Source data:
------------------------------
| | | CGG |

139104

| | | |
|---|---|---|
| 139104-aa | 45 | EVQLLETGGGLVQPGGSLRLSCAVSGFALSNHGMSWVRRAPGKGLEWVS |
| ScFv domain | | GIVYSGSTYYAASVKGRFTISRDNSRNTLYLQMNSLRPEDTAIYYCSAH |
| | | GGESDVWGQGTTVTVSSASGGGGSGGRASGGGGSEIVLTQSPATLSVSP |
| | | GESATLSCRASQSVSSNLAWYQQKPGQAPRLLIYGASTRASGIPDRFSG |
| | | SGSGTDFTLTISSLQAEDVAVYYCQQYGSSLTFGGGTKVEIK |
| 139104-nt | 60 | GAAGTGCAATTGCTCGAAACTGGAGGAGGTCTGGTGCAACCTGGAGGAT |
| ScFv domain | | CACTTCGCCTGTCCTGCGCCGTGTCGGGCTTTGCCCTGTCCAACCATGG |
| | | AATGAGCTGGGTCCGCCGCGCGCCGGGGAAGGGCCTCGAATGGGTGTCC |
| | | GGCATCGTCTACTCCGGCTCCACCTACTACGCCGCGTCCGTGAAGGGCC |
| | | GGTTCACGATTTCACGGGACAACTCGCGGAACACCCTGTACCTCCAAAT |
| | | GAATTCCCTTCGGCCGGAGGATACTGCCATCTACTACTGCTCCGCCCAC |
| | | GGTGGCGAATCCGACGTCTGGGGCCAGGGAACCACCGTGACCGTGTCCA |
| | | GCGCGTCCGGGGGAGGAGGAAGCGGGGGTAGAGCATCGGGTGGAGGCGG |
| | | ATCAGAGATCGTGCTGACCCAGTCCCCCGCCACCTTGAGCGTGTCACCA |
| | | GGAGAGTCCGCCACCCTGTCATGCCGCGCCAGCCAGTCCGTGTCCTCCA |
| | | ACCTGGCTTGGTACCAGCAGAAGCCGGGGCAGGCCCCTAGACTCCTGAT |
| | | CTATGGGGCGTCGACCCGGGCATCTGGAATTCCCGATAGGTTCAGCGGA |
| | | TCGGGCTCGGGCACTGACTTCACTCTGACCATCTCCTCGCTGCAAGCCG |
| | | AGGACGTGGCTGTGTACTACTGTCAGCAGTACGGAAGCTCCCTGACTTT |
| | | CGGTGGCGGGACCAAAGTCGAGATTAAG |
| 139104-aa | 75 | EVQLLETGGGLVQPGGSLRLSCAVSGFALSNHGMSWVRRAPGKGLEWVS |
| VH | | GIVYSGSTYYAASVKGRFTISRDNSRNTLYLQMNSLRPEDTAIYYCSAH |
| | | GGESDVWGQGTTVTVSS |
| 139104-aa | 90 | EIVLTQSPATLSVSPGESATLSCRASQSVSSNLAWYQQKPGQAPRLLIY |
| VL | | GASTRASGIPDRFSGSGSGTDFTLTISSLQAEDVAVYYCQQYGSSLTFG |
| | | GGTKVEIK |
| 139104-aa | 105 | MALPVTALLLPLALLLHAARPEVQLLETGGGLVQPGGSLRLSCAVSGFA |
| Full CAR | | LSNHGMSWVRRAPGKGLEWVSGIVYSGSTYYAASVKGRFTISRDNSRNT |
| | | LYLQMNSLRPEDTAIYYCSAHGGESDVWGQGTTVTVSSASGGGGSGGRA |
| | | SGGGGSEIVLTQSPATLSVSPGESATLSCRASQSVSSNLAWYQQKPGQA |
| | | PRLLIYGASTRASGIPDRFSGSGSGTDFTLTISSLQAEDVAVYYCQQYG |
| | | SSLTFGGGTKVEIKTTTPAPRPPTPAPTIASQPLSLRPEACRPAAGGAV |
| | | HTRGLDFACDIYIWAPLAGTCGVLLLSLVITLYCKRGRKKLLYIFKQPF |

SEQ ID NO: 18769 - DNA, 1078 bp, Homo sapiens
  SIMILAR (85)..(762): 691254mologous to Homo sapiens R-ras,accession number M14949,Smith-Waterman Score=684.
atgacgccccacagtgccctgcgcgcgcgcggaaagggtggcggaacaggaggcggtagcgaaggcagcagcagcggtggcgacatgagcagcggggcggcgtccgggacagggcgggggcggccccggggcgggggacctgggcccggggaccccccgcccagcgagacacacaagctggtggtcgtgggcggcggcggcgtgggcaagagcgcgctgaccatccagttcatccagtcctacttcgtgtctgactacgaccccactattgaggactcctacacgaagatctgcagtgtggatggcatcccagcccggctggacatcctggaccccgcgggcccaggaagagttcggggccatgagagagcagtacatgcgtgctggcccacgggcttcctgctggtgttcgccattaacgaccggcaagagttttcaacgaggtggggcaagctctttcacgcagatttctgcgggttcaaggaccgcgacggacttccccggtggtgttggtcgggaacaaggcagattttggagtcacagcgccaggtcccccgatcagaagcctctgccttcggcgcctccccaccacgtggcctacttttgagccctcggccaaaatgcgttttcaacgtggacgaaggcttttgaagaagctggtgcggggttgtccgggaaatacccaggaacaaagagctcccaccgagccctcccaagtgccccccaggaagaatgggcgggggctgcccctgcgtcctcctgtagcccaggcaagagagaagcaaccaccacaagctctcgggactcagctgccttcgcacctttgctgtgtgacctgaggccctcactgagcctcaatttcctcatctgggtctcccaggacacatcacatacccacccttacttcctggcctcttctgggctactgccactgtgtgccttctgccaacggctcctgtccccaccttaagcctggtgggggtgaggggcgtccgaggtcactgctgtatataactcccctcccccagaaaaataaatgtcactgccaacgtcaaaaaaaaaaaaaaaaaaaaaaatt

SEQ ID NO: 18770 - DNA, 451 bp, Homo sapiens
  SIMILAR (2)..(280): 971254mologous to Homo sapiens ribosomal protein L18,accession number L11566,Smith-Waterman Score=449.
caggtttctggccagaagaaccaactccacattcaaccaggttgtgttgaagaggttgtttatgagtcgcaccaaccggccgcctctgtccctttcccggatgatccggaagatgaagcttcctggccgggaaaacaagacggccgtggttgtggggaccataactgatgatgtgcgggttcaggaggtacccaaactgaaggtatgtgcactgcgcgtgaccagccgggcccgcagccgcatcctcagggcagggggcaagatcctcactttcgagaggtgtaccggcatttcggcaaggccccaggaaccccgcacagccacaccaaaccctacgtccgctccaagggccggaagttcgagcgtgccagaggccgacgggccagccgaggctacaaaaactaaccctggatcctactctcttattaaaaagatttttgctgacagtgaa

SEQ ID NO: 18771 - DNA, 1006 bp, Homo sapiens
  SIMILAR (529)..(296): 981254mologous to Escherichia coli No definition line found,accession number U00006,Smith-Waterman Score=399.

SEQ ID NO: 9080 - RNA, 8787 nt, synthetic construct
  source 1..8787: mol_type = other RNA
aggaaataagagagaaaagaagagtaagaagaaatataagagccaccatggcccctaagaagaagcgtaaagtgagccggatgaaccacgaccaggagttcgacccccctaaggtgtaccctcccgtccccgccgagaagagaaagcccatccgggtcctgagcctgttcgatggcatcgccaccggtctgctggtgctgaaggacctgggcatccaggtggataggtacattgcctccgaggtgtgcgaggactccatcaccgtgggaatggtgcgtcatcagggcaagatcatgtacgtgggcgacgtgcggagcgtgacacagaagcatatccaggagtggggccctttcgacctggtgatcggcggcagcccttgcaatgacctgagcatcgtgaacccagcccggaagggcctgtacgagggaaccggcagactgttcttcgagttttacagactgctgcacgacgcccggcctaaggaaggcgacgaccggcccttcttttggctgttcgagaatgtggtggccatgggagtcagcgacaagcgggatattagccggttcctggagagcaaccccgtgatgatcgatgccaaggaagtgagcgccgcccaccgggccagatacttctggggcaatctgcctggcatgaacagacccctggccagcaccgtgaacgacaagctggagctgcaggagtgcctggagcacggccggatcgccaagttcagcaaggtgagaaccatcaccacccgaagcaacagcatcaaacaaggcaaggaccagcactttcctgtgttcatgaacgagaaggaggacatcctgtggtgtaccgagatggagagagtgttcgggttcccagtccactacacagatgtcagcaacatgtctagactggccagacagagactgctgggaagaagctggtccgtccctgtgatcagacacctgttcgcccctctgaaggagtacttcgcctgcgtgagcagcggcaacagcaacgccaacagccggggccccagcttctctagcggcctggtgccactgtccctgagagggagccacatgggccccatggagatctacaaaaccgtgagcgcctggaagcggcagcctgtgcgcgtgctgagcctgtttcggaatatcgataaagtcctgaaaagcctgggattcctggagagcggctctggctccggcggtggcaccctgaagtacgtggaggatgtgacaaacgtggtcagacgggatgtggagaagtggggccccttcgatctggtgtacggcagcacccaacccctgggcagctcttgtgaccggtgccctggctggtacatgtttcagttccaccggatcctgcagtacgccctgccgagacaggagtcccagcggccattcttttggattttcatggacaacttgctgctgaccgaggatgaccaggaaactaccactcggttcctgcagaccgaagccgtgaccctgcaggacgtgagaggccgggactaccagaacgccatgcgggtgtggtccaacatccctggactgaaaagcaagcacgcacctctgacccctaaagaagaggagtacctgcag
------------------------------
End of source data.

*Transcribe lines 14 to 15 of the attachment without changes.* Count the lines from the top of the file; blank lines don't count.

| | | GGTTCACGATTTCACGGGACAACTCGCGGAACACCCTGTACCTCCAAAT |
| | | GAATTCCCTTCGGCCGGAGGATACTGCCATCTACTACTGCTCCGCCCAC |